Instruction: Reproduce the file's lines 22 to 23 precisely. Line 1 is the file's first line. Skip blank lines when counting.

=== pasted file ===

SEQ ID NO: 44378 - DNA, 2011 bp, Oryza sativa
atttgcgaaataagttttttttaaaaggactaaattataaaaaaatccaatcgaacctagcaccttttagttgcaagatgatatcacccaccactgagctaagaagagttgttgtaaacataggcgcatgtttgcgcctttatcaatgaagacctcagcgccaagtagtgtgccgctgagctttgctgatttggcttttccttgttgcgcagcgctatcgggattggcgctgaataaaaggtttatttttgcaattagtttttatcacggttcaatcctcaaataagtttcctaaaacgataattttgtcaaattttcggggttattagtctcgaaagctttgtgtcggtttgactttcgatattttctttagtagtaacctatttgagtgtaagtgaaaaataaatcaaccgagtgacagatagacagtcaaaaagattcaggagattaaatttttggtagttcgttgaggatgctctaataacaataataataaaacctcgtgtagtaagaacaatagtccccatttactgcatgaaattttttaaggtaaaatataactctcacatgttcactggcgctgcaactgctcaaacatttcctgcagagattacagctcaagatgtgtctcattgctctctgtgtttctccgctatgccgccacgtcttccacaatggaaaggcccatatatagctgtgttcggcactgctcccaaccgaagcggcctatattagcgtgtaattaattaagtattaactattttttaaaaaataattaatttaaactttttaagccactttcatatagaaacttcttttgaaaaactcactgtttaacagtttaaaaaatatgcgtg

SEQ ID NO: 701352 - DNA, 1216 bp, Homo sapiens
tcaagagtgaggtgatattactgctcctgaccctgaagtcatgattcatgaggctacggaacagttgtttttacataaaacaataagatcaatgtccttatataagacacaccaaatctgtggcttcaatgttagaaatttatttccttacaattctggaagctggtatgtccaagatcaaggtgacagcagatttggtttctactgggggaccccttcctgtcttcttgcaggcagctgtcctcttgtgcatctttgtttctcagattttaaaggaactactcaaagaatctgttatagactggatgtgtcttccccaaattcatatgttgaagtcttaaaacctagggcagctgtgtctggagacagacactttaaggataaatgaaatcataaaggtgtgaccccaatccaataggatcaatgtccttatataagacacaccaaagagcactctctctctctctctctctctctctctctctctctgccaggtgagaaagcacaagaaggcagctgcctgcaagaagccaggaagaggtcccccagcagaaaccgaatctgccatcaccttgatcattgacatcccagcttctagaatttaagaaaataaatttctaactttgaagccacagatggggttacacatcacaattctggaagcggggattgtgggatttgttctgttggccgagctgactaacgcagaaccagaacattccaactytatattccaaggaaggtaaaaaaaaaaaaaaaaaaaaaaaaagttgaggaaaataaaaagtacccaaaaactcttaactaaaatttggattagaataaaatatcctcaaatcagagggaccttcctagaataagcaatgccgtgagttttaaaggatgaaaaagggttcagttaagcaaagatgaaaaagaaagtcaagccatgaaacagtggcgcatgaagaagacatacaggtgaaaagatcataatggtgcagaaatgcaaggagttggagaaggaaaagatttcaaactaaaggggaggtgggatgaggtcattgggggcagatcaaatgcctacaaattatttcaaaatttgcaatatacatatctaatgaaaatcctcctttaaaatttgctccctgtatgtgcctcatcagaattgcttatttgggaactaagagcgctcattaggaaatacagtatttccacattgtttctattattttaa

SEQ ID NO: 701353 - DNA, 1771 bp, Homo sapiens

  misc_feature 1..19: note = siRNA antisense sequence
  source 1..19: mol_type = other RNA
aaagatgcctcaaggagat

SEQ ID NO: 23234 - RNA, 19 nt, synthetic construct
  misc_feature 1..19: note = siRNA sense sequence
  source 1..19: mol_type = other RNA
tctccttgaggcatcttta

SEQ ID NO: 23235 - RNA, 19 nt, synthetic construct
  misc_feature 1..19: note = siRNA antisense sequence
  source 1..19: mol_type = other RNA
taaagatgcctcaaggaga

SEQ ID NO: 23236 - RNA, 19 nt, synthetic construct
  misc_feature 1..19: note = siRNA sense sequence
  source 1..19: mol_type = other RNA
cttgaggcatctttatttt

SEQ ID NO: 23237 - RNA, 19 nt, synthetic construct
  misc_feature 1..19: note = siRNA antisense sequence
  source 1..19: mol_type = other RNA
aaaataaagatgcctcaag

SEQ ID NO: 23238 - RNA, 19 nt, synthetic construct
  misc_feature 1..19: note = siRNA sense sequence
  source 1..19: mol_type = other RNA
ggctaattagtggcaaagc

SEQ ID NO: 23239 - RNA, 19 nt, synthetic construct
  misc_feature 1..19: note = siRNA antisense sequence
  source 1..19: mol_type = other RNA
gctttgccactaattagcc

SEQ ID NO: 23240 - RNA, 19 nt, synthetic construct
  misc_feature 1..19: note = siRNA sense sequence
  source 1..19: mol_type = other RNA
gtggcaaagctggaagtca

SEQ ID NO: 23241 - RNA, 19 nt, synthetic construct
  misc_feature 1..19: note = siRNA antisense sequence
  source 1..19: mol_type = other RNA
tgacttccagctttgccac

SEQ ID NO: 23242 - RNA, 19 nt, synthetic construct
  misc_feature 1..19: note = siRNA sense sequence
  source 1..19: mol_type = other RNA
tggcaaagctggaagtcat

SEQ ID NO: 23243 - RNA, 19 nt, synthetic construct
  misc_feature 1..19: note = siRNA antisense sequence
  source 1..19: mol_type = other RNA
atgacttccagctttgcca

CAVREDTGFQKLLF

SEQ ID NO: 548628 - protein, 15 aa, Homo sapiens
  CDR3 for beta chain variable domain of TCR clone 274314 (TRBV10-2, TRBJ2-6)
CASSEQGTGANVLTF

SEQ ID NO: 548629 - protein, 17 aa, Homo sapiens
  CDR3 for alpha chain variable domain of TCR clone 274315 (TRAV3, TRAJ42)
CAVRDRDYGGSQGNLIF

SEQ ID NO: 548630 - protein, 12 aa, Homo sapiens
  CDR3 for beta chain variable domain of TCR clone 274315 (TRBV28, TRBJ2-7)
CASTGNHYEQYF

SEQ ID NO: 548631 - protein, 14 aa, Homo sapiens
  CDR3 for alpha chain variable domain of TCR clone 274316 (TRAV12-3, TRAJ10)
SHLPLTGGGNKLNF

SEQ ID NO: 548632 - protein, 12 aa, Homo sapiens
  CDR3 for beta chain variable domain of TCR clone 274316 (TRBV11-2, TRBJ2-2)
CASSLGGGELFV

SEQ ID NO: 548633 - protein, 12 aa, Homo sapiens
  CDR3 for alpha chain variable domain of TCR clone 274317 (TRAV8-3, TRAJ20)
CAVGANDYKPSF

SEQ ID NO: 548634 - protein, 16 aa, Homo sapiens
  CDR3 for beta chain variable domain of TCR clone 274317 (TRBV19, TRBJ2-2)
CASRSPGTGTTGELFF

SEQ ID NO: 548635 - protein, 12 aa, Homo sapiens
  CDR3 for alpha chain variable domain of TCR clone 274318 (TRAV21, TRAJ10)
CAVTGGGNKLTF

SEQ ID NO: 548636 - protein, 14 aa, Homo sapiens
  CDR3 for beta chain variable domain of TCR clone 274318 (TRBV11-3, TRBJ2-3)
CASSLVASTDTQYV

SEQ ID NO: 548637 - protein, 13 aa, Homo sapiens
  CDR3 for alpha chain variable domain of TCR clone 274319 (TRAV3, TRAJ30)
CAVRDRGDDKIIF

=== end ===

  misc_feature 1..19: note = siRNA antisense sequence
  source 1..19: mol_type = other RNA